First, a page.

Missouri Governor Jay Nixon has vetoed legislation barring people younger than 18 from buying electronic cigarettes while also exempting the nicotine products from other tobacco sales restrictions.
Nixon called the Senate bill a "thinly disguised and cynical attempt" to exempt e-cigarettes from the state's 17 cent-per-pack cigarette tax as well as further public health restrictions. His rejection on Monday fell on the deadline for the governor take action on bills passed by state lawmakers earlier this year.
Missouri Gov. Jay Nixon is making more cuts to public education because of a decline in casino and lottery revenues.
Nixon announced more than $35 million of new spending restrictions Tuesday. That's on top of $22 million of restrictions announced in April.
The Democratic governor said lottery and casino revenues are not meeting the amounts assumed in the 2014 budget that runs through June 30. Because the gambling revenues are dedicated to education, Nixon says the cuts must come from that area.
Originally published on Tue April 29, 2014 11:01 pm
In the final weeks of the legislative session, Missouri Gov. Jay Nixon has made a last-ditch effort to resurrect a push to expand Missouri’s Medicaid program and accept roughly $2 billion a year in federal money.
The governor, a Democrat, unveiled his “Missouri Health Works’’ program before business leaders Monday in Cape Girardeau. By coincidence or design, state House Speaker Tim Jones, R-Eureka and an opponent of Medicaid expansion, was also in Cape on Monday with conservative low-tax icon Grover Norquist to highlight a different issue.
A Republican-led Missouri House committee is holding a hearing on multiple measures seeking to impeach Democratic Gov. Jay Nixon.
The hearing on three separate impeachment resolutions includes one citing Nixon's decision to allow same-sex couples who married legally in other states to file joint tax returns in Missouri. Another measure is critical of the amount of time the governor took to call special elections to fill legislative vacancies.
Originally published on Thu April 24, 2014 3:57 pm
With a new tax-cut package on his desk, Missouri Gov. Nixon has zeroed in on a new “fatal flaw’’ that his administration says could wipe out 65 percent of the state’s general-revenue income used to fund most state services and aid to public schools.
The details may be different, but the basic argument mirrors last year’s fight, when Nixon successfully killed a tax-cut bill by highlighting flaws that he said would cost the state's treasury – and the public – far more than the bill’s backers had intended.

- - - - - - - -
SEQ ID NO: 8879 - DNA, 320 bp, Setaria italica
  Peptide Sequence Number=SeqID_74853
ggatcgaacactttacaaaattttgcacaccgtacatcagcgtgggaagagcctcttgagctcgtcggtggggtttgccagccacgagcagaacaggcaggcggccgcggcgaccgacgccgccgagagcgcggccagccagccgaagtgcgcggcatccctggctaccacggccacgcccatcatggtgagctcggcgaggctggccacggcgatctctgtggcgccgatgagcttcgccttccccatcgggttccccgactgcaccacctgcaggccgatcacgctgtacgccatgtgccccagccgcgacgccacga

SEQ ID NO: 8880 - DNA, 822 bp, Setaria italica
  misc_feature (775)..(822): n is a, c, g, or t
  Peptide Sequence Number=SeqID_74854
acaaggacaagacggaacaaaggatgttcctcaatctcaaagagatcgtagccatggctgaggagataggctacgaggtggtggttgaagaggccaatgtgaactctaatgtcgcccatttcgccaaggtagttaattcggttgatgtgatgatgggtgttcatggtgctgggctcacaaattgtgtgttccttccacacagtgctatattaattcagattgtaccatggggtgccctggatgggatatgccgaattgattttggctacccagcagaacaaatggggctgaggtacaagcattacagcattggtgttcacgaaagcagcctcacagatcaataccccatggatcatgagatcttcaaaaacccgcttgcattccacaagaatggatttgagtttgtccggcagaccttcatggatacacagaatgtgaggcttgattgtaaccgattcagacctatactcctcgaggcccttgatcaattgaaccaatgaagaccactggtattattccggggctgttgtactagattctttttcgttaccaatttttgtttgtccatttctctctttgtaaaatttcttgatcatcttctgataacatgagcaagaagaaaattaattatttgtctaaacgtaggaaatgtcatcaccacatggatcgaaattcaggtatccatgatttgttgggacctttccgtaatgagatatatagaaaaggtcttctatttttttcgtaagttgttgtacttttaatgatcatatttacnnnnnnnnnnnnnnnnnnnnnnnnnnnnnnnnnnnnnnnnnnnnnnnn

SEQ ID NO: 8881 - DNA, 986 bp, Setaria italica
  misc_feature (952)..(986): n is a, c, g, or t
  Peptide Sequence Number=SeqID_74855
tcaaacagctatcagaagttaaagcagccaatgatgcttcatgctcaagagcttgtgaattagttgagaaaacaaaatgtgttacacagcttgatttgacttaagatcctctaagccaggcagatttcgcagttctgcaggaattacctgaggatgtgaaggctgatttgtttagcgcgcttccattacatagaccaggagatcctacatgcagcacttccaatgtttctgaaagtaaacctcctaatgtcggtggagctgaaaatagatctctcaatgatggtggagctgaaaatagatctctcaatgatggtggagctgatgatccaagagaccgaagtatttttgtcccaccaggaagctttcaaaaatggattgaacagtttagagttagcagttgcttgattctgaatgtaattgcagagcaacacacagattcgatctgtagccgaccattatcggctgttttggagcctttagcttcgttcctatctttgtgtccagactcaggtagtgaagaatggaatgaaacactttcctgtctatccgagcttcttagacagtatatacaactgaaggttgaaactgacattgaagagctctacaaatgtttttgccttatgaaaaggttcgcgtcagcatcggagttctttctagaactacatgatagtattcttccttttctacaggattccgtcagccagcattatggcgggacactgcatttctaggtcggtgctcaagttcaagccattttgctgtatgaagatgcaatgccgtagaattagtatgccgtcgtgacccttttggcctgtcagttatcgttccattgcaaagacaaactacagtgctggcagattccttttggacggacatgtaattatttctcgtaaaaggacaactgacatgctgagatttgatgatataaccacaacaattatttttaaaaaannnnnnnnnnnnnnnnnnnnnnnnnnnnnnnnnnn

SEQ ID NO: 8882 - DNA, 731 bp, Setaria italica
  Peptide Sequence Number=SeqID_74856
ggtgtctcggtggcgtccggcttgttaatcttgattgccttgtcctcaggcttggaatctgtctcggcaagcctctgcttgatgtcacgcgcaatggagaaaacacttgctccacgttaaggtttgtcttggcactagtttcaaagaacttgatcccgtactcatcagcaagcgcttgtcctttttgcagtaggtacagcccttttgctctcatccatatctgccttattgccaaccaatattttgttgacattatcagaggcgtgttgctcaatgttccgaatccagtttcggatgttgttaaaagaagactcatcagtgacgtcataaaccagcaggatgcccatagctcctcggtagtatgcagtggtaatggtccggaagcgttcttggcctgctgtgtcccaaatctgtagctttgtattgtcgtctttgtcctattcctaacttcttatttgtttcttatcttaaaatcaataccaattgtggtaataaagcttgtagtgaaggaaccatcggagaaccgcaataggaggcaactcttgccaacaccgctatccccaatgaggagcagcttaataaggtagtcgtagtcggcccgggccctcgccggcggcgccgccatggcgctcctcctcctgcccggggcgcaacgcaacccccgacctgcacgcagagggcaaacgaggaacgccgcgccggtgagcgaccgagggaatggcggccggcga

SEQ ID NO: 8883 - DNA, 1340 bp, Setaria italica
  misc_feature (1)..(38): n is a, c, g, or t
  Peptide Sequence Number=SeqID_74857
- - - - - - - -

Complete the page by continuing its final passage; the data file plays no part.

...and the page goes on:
A new report shows Missouri revenues were up slightly as the state heads toward the last few months of its fiscal year.
State figures released Wednesday show the state's net general revenue increased 1.7 percent through March compared with the same point last year.
State Budget Director Linda Luebbering says the revenue numbers show Missouri is on pace to meet this year's budget projections set by Democratic Gov. Jay Nixon's administration. But she added that sales tax receipts are currently coming in below projections.
Originally published on Fri March 28, 2014 4:12 pm
The Missouri House has passed all 13 budget bills with an estimated $26.6 billion spending plan for Fiscal Year 2015, which begins July 1.
During Thursday's round of budget votes, House Democrats began sharply criticizing this year's budget writing process. Along with Gov. Jay Nixon, they disagree with House Republicans about how much revenue they think the state will take in. State Rep. Margo McNeil, D-Hazelwood, accused GOP leaders of crafting an unnecessarily low budget.
A state judge has been asked to put an immediate halt to Missouri's acceptance of joint tax returns from gay couples who got married legally in other states.
The request for a temporary restraining order was filed Wednesday in Cole County Circuit Court. It's part of an ongoing lawsuit brought by several Missouri residents, including officials from the Missouri Baptist Convention. They're challenging a decision by Governor Nixon's administration to accept combined tax returns from legally married same-sex couples.
Missouri senators have endorsed an income tax cut that could eventually waive an estimated $464 million a year in state revenues.
The legislation given initial approval Wednesday would cut taxes by half of the amount originally proposed by a Republican-led committee. It could gradually cut the state's top individual income tax rate to 5 and a half percent from the current 6 percent.
It also could phase in a 25 percent deduction for business income reported on individual income tax returns, and add a $500 tax deduction for lower-income individuals.
A Missouri commission has approved tax credits to build low-income housing after delaying their issuance last year.
The Missouri Housing Development Commission unanimously endorsed issuing about $14 million in tax credits Friday for about 1,600 housing units.
The commission had delayed approving the tax credits in December as part of Democratic Gov. Jay Nixon's negotiations with certain senators to pass a $1.7 billion incentive package to lure production of Boeing aircraft. Boeing ultimately opted against Missouri.